Hokkien Mee is very straightforward, I bring all my guests to Geylang Lor 29 Hokkien Mee. Over the years I have brought them to some of the other stalls in my Famous Five list, but the responses have been mixed. However, I have never gone wrong with Geylang Lor 29 Hokkien Mee. Of the Famous Five, they are the only ones who is still using a charcoal fire and the coffeeshop has been recently renovated so it is a comfortable place to eat. Best to head there early if you are going for dinner as they do sell out early. Just a short walk away is Beach Road Prawn Mee which is also worth checking out!
Geylang Lor 29 Hokkien Mee
396 East Coast Road, Singapore 428994
11.30am to 9.30pm, Closed Mondays
3. Char Kway Teow
My personal favourite Char Kway Teow is Hillstreet Char Kway Teow, but this is a little far from town, so I would usually end up bringing them to Outram Park Char Kway Teow instead. This stall was just listed as a Bib Gourmand eatery in this year’s Michelin Guide and they are a slightly different style from Hillstreet but still has that long heritage like Hillstreet. Located at Hong Lim Food Centre, they are more central and there’s plenty of other stalls that you can also check out at the same time!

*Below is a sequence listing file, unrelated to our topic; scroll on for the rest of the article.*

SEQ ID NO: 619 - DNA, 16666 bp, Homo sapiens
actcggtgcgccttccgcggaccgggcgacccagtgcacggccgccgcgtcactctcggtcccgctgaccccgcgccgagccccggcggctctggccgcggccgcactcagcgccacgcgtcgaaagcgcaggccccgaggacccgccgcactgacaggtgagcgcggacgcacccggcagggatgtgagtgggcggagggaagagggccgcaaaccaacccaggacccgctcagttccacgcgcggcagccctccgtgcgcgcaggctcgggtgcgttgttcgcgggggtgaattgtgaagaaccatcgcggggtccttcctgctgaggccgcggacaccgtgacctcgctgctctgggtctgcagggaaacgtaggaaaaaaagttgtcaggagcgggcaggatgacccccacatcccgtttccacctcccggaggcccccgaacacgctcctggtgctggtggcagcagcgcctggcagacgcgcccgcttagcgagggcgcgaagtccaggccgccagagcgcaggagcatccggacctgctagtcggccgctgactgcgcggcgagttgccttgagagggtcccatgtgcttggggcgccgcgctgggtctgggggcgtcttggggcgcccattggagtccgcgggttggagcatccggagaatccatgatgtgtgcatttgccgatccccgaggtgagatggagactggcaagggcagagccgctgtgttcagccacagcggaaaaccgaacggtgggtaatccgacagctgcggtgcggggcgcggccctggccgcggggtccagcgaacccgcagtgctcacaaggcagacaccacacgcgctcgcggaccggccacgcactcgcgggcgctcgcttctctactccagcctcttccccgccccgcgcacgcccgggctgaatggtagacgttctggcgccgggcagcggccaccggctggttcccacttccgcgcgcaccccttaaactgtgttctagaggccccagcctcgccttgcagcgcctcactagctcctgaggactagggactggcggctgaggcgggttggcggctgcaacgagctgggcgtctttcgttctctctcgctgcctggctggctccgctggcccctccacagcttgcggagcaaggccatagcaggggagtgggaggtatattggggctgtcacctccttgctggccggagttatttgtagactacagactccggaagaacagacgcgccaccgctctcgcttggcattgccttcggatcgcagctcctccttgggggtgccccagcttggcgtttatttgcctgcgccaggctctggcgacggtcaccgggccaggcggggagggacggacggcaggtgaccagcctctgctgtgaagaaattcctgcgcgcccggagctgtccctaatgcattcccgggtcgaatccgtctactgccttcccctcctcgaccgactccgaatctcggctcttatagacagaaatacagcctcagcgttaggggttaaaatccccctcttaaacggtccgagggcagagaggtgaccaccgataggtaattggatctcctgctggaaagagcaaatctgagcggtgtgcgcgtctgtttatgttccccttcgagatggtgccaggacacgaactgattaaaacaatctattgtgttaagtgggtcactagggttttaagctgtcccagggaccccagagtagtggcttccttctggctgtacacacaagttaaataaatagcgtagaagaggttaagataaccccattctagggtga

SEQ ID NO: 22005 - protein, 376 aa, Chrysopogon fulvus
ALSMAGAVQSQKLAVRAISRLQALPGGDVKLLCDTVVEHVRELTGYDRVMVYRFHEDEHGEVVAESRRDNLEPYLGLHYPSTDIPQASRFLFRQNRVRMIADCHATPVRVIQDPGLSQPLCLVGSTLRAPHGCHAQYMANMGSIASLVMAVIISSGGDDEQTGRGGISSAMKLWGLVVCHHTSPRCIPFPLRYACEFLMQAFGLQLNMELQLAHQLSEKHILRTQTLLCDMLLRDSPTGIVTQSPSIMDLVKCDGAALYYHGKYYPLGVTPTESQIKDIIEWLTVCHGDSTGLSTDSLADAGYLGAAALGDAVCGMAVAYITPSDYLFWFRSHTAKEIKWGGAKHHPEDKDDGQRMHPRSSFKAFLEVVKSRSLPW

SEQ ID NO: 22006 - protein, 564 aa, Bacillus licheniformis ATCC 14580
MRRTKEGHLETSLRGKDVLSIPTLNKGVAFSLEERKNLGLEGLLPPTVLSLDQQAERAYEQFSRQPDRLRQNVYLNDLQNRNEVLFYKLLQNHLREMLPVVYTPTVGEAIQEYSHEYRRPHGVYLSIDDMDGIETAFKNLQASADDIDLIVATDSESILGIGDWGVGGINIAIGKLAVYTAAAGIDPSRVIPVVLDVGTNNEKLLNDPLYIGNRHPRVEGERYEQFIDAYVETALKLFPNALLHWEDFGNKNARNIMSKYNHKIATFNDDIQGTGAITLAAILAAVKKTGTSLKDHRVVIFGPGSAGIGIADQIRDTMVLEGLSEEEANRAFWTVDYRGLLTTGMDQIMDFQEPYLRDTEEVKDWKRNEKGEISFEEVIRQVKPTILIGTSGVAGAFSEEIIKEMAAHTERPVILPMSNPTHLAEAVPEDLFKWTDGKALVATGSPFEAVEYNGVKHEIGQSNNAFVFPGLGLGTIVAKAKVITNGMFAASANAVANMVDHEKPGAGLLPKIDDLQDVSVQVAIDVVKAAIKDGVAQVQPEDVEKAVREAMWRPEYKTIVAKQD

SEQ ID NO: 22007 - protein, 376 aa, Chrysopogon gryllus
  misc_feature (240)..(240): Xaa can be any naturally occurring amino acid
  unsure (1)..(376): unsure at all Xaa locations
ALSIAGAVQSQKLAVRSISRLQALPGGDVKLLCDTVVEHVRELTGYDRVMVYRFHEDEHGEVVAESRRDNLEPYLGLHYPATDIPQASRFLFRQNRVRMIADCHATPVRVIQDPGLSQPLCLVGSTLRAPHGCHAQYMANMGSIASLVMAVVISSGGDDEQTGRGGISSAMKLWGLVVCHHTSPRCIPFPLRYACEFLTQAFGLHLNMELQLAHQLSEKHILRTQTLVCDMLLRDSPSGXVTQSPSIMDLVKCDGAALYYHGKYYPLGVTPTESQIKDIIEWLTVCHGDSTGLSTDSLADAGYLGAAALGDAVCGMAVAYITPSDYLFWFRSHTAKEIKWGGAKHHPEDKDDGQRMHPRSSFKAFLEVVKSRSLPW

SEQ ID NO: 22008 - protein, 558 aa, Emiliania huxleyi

Here is the list of the Famous Five Char Kway Teow and other stalls at Hong Lim Food Centre.
Outram Park Fried Kway Teow Mee
Hong Lim Market and Food Centre, Blk 531A, Stall 02-17
Mon – Sat: 6am to 4.30pm, Closed Sun and PH
4. Carrot Cake
For Carrot Cake I would head to Zion Road Food Centre for Lau Goh Teochew Chye Thow Kway. This stall has a rich heritage and Peter Goh’s dad is widely regarded as the pioneer of the white version of the dish. Zion Road Food Centre is quite central and also has other famous food stalls, notably Zion Road Char Kway Teow which is also one of the famous five Char Kway Teows. Peter is hearing impaired, so there is a special way to order the carrot cake which you can read about in my post.
Here is the list of the Famous Five Carrot Cake Stalls in Singapore and Zion Road Food Centre.
Lau Goh Teochew Chye Tow Koey
Zion Riverside Food Centre, Stall 26, Singapore 247780
11am to 3.30pm, 6pm to 11pm, Tue closed
96745483 (SMS only)
For Laksa I like to bring my guests to Sungei Road Laksa because it’s quite central, the laksa has a long history and they are still cooking it over charcoal. It’s also really darn tasty without being too jelak (rich). While in that area, you can also check out an old school char kway teow as well as some of the stalls at Jalan Berseh Food Centre. (more about this food centre later)